City Council on Monday approved legislation that will boost fees for the first time in seven years.
Council voted 5-1 to approve the hikes, which will raise fees from $375 for basic ambulance runs to $450, and ambulance runs for transportation of persons requiring a degree of emergency medical care from $475 to $750.
Councilman Dennis Boose, D-2nd Ward, who cast the lone “no” vote on the measure, said he wholeheartedly supports raising fees. Boose told Fire Chief John Reese he would have liked to have had the chance to discuss the fees before voting on them.
“I totally agree we need to increase fees as soon as possible as our (city) budget needs help from every legitimate source of revenue,” Boose said. “But just not at these numbers (fee hikes).”
The same fees are charged to residents and non-residents, although city residents are not billed directly for services. Fees instead are sent to Medicaid, Medicare or private insurance, Reese said.
“We accept what insurers say for North Ridgeville residents,” Reese said, noting that most ambulance-paramedic costs are paid from residents’ auto insurance.
Reese said city residents pay for ambulance services via the city’s 1.75-mill paramedic-ambulance levy that generates $1.2 million annually, and is up for renewal this May.
The increased fees are projected to generate an average $27,000 more in revenue, Reese said, adding that the $375 fee that has been charged to residents and non-residents alike for years is inadequate. “We’ve been under-collecting for years.”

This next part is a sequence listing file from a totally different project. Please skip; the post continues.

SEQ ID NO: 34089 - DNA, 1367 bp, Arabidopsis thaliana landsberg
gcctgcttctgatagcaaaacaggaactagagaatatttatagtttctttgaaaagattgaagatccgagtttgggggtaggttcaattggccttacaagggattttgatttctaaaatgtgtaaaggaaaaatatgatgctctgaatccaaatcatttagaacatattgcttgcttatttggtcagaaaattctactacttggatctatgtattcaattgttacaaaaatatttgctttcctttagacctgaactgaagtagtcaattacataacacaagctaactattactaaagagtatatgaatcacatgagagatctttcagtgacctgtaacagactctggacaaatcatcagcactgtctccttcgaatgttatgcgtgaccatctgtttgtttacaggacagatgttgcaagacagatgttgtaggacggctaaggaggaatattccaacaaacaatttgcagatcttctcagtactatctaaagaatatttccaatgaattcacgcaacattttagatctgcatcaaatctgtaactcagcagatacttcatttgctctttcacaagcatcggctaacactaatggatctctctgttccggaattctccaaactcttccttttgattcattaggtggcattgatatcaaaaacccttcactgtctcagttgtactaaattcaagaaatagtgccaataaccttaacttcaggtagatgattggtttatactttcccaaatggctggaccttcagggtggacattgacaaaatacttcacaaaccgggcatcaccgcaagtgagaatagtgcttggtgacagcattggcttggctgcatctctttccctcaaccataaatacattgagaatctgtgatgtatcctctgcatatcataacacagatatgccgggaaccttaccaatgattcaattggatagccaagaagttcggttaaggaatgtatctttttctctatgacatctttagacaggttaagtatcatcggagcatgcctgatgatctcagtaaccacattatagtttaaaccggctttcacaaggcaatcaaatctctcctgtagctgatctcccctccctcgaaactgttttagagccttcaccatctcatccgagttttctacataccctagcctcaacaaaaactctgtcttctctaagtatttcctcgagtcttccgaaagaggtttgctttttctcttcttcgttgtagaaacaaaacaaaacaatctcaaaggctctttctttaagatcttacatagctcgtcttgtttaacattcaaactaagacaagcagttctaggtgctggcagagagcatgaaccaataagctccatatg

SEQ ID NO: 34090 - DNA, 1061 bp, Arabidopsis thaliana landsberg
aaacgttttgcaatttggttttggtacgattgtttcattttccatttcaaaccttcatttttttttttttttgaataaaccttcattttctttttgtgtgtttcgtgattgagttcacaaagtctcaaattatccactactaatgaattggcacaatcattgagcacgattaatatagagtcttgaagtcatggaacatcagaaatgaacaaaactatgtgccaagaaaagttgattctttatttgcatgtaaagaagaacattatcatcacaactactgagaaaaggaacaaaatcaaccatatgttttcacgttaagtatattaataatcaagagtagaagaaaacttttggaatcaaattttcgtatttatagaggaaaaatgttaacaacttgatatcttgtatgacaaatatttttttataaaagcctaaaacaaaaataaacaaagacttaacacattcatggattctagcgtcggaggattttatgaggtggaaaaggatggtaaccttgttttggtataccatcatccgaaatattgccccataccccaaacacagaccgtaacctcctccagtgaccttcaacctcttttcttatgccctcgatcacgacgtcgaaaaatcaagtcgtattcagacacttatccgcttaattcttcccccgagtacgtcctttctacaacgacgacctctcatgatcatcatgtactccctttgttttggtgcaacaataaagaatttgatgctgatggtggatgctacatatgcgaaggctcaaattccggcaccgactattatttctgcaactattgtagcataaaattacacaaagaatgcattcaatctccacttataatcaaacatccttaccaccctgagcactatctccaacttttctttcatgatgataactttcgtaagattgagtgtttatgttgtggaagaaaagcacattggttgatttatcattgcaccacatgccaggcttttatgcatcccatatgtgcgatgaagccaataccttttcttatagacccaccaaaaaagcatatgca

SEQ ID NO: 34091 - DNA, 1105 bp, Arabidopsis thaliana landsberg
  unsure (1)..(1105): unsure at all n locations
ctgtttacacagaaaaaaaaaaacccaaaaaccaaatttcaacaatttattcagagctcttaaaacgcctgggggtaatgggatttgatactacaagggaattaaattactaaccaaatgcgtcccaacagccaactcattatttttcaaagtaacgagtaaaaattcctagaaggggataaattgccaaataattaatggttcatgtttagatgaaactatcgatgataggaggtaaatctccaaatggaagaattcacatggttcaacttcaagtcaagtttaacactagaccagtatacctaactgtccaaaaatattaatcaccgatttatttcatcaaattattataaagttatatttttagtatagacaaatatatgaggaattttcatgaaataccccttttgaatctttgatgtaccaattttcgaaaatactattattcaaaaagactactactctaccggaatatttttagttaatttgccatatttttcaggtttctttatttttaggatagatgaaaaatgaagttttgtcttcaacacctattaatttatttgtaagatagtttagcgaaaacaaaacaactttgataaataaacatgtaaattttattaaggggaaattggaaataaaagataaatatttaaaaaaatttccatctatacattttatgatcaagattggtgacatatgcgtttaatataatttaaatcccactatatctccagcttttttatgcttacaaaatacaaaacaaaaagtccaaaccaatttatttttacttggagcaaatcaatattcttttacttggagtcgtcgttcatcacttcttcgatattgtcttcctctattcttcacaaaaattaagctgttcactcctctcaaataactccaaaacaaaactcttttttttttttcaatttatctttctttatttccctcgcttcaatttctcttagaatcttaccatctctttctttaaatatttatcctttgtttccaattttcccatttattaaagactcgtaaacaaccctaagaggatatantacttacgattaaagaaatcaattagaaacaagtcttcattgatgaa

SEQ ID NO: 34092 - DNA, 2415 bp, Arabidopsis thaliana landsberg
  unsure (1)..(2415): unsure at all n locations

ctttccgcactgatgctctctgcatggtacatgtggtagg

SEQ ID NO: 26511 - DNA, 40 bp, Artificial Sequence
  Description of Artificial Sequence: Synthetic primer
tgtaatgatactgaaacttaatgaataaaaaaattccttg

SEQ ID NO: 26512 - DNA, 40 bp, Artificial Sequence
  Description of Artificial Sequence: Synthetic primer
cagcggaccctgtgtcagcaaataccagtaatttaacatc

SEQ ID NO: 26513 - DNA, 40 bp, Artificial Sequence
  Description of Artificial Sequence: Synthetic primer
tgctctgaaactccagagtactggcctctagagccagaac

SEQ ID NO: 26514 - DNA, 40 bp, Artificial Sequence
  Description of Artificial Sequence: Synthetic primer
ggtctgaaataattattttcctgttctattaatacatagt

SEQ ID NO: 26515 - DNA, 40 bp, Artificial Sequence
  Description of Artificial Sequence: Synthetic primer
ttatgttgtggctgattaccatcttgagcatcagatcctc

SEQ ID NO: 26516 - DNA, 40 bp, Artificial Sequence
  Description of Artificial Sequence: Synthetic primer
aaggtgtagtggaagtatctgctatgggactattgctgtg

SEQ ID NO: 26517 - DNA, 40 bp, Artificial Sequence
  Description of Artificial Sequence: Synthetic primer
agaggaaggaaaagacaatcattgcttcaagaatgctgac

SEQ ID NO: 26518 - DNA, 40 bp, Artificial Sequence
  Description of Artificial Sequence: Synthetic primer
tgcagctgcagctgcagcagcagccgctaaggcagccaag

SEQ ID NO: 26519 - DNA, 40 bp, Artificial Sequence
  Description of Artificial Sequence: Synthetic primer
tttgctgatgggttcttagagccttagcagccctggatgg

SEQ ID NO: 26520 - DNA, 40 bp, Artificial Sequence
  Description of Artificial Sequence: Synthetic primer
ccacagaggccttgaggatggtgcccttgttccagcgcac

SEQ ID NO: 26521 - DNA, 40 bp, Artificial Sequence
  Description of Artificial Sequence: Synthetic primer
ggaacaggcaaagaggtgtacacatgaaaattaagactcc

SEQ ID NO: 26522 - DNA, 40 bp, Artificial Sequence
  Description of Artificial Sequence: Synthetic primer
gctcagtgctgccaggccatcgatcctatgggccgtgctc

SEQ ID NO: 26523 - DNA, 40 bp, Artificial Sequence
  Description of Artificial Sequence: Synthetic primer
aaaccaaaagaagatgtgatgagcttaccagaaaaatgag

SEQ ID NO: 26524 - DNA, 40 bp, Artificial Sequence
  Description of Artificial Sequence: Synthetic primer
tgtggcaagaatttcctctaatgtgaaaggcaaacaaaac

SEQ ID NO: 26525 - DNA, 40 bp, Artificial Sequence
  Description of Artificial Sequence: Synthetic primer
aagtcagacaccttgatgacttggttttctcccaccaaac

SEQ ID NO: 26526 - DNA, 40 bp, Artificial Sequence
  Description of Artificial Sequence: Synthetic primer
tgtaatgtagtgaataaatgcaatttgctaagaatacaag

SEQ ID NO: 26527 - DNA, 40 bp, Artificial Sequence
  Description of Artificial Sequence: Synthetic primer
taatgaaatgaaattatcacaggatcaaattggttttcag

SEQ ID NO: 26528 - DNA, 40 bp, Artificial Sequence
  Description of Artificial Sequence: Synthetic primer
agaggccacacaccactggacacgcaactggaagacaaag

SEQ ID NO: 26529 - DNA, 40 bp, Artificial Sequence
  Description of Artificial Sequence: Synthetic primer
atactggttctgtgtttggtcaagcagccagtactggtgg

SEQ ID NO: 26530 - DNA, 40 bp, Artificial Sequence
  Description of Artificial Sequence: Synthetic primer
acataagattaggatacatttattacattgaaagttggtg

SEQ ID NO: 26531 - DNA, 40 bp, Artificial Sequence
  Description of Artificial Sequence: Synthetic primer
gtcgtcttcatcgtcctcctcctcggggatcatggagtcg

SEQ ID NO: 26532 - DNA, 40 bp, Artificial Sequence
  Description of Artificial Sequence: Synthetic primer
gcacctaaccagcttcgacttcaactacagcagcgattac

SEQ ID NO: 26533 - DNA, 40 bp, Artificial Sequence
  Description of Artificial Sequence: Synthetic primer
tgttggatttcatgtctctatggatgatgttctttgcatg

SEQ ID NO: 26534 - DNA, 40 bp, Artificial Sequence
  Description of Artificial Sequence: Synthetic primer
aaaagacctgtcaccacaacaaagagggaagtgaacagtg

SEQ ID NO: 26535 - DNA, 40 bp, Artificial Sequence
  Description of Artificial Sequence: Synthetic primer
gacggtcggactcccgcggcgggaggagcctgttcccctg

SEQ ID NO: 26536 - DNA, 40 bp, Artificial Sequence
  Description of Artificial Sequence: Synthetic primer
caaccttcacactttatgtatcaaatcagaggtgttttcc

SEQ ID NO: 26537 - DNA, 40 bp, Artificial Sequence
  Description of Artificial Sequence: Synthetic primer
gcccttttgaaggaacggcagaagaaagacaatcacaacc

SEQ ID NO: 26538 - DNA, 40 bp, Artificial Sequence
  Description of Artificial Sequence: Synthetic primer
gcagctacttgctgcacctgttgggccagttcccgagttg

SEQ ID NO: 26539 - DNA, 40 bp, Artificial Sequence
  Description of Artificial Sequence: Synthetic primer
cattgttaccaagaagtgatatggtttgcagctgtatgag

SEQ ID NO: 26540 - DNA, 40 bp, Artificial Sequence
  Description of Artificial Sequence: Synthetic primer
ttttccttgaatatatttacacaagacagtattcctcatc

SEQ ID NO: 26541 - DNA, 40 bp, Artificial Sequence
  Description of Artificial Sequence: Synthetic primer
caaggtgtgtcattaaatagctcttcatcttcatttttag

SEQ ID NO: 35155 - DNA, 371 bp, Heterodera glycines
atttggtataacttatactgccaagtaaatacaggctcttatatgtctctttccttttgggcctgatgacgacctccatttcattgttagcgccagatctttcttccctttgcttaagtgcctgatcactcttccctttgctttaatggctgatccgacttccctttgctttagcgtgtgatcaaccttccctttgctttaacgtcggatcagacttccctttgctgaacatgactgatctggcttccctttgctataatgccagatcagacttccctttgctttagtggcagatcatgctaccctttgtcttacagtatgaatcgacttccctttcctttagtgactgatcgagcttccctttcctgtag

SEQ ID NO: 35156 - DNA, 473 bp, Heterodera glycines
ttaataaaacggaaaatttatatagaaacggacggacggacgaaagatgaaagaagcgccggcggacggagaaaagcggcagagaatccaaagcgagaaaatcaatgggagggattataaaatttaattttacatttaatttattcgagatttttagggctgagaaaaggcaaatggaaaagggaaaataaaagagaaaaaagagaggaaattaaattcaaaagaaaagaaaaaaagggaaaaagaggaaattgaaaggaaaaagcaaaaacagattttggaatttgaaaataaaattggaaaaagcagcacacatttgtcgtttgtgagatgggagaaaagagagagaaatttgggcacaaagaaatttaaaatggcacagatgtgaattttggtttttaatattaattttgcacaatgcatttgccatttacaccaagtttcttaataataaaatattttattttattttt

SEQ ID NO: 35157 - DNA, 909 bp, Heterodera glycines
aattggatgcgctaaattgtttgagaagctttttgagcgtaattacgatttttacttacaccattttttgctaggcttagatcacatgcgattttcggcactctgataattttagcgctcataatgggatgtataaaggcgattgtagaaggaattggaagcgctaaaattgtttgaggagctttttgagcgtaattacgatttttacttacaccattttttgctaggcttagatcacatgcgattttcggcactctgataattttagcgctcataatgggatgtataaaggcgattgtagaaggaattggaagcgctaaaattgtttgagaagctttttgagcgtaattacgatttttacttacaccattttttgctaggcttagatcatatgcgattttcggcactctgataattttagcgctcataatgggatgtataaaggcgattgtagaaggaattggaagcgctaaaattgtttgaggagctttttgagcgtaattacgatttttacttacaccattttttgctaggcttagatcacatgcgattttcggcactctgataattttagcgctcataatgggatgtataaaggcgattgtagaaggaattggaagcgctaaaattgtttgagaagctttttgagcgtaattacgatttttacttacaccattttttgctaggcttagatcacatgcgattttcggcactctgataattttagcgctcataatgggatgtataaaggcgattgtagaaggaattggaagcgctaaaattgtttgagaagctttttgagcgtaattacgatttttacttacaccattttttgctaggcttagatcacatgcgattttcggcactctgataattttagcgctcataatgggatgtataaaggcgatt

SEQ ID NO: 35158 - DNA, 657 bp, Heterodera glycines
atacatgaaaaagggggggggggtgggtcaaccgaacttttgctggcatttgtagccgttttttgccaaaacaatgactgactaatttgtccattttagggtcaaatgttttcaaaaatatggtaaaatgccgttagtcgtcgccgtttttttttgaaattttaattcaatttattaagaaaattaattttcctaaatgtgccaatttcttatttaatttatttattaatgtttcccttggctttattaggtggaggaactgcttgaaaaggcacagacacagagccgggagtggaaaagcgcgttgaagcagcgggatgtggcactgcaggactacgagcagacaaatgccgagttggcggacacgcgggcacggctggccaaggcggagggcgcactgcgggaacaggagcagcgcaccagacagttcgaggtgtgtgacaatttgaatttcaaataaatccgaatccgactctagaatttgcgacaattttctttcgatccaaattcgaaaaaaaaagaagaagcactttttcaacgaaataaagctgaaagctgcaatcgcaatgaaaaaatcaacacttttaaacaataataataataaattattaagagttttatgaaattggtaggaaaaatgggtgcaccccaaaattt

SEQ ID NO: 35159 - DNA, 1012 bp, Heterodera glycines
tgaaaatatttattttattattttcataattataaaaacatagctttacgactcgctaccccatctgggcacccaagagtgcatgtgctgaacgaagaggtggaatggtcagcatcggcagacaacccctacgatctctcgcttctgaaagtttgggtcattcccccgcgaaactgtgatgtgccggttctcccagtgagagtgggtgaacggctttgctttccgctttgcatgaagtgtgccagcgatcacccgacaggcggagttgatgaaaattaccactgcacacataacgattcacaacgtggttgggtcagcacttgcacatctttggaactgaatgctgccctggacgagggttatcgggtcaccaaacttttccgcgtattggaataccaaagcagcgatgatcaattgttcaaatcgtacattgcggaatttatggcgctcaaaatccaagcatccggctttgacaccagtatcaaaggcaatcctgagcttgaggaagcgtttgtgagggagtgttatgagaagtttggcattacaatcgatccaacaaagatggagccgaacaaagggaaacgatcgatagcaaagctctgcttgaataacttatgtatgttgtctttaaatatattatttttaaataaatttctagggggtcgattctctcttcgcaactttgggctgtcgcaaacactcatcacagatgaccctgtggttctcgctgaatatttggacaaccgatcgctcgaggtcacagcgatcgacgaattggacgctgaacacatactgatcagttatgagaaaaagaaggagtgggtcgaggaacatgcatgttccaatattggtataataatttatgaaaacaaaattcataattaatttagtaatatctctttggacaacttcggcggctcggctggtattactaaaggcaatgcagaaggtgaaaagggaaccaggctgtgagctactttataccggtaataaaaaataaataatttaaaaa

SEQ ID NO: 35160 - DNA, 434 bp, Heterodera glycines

The fee increases were proposed based in part on a survey of similar charges by fire departments in surrounding communities including Avon, North Olmsted, Berea and Olmsted Township, which charge an average ambulance fee of $655, Reese said.
“Based on what insurance allows and what surrounding communities are charging, these fees will bring us more in line with everyone,” Reese said.
While acknowledging the sizable increase in costs for ambulance runs requiring emergency medical care by paramedics, Reese termed the new $750 fee “the best deal in medical care anyone will get.”
Reese said the city has never pursued non-residents who did not pay their ambulance bills, noting the city figures it has more than $100,000 in unpaid ambulance fees dating to 2008.
“Legally we can go back 15 years (to try to collect),” Reese said.
Councilman Robert Olesen, R, at-large, was absent because he is recovering from recent surgery, said Councilman Dr. Ron Arndt, R-3rd Ward.